Wave breaking over Iceberg in the Southern Ocean, seen from the Greenpeace Esperanza, February 2, 2007. That’s a couple of petrels (seabirds) you can see flying by the lower part of the berg, gives a sense of scale.
This ice, was once snow that fell on the the continent of Antarctic. After thousands of years of being compacted by the crushing weight of more snow, this becomes ice, marching slowly towards the Southern Ocean, where it breaks off and becomes an iceberg. However, more and more of this ice is breaking away from Antarctica, with consequences for the global climate and sea level rise.
Antarctica is warming – last week, the US National Snow and Ice Data Center reported that “Antarctic sea ice extent appears to have broken the record low set last year.”
Note, this refers to sea ice – not ice in the sea. Sea ice is what is formed when the surface of the sea freezes. Salty ice. The ice in the iceberg is not salty, it’s created by snowfall.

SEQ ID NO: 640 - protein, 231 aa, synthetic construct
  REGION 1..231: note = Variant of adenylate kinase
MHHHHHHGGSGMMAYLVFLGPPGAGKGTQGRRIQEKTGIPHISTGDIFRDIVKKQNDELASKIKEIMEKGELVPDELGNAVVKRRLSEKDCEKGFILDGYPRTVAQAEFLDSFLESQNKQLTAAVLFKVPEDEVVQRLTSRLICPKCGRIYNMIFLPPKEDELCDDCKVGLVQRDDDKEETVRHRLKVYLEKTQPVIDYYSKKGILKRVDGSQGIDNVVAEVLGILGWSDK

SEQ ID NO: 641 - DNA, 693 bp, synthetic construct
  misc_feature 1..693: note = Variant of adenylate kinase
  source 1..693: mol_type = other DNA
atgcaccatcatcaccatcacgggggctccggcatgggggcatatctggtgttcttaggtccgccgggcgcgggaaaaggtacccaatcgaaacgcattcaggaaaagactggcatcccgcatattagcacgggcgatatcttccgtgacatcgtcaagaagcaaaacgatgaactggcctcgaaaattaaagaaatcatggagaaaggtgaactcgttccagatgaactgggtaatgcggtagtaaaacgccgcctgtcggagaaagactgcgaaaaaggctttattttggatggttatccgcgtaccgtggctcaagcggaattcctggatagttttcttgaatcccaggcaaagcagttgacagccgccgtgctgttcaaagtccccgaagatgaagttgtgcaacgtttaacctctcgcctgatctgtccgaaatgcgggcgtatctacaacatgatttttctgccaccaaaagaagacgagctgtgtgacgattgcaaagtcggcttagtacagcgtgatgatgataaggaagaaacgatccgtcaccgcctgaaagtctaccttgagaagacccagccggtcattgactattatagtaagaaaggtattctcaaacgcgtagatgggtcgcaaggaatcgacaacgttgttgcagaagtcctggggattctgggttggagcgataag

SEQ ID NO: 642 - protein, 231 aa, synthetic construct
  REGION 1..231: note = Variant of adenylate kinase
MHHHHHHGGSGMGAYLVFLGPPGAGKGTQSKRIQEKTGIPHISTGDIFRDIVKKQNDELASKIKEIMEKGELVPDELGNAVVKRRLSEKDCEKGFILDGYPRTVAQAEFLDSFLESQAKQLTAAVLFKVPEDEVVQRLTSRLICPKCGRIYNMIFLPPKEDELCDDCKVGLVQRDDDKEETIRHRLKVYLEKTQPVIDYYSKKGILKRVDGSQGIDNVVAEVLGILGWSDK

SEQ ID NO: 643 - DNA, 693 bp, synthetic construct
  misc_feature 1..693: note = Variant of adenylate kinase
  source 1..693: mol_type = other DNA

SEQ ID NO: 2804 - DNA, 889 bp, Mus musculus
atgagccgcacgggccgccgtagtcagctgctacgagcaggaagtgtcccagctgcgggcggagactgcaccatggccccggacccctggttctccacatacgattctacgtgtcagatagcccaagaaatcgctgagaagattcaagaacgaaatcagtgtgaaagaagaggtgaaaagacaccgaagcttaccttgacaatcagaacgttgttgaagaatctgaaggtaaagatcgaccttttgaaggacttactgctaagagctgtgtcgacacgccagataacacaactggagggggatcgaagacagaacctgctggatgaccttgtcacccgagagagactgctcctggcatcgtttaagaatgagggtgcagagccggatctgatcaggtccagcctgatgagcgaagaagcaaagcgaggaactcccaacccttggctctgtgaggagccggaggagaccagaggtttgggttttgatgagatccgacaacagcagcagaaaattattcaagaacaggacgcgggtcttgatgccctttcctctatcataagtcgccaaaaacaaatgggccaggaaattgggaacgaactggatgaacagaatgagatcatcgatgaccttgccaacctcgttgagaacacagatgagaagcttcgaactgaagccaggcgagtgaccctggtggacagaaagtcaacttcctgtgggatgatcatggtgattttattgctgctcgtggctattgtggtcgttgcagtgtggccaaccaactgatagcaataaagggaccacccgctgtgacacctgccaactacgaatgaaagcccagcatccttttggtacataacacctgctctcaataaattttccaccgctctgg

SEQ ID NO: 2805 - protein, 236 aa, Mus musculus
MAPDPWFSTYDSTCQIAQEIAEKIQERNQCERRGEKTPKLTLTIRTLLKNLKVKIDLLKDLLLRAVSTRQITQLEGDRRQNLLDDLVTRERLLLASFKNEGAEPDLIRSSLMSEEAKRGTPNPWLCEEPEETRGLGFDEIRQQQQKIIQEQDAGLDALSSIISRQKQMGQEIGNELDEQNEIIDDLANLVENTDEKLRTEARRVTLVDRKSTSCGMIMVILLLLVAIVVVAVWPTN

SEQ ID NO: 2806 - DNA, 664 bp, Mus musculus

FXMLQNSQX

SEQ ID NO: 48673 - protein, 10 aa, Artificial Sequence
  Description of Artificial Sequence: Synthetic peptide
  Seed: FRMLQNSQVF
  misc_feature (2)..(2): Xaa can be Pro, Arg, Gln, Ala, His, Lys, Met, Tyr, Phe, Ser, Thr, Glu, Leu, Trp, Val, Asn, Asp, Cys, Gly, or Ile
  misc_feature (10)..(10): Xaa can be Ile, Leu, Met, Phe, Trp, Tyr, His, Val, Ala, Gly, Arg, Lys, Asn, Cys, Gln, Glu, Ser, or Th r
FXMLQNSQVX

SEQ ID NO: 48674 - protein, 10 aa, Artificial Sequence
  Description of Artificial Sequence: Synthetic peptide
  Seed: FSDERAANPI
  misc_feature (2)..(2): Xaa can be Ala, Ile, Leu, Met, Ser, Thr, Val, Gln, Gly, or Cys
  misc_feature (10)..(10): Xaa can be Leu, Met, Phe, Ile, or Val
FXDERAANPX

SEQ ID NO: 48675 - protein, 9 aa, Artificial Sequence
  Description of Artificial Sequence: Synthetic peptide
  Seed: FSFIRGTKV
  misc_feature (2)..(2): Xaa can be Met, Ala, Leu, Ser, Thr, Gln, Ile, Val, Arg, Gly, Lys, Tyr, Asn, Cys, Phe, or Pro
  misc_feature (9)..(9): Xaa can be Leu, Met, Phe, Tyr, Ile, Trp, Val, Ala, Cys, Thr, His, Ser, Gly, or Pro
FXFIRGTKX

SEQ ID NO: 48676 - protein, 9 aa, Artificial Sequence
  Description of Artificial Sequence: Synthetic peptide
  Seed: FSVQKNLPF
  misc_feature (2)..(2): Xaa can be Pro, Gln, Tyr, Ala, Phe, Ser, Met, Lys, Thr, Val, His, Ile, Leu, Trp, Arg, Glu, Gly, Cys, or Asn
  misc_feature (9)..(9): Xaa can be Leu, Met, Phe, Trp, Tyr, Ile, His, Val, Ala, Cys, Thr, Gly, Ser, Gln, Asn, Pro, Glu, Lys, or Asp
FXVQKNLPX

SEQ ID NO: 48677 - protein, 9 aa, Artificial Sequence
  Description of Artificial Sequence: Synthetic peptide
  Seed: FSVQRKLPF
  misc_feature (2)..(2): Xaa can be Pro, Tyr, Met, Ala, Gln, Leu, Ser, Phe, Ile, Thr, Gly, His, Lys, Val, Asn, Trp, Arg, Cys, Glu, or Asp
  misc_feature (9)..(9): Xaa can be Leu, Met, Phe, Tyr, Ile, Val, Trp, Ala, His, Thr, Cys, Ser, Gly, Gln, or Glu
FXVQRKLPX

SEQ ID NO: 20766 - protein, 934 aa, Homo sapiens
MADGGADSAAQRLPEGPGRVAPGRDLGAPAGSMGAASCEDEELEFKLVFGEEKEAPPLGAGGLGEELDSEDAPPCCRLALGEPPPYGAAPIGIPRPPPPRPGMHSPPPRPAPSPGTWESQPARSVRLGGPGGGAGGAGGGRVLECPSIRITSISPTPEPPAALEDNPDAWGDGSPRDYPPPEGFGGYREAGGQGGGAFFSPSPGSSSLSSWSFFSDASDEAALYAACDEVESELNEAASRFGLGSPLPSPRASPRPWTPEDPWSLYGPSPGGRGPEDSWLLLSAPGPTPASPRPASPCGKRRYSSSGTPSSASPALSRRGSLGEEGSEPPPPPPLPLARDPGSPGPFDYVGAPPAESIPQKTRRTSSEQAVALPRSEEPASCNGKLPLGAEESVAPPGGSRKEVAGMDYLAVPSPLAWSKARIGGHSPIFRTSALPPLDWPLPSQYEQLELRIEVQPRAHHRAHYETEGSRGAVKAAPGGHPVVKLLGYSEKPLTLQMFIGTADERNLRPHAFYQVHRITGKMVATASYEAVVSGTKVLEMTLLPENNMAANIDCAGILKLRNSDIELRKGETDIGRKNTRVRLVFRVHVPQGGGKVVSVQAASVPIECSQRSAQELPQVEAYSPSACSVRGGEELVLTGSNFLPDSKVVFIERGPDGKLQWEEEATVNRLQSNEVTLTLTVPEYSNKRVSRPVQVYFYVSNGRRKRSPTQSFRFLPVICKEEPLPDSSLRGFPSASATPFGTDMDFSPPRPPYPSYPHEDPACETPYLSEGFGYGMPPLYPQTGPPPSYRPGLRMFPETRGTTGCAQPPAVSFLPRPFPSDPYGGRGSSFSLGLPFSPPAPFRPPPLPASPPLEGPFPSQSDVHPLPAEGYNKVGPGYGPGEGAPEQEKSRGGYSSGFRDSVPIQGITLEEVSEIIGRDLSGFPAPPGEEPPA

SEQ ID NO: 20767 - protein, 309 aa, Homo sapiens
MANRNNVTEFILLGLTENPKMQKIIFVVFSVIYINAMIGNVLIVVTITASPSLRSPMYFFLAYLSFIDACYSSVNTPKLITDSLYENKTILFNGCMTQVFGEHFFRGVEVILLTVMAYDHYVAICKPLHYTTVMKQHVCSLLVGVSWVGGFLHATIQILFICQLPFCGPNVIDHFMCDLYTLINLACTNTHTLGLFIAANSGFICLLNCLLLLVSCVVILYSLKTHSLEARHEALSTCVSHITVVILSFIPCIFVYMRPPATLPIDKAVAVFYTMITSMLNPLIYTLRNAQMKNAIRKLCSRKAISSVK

A warming sea, with less sea ice, causes an even warmer sea, as dark water absorbs more sunlight. A warmer sea causes glaciers to melt from underneath, hastening their slippage towards the ocean.
They are processes are play in the Arctic and Antarctic that most of us are, to our detriment, unaware of. Some of these changes are irreversible in the short term.
That should not breed inaction. On the contrary. We need to go beyond improving our own personal behaviour and do what we can to push for change at a local, regional, national, international level to wean our global society off the burning of fossil fuels.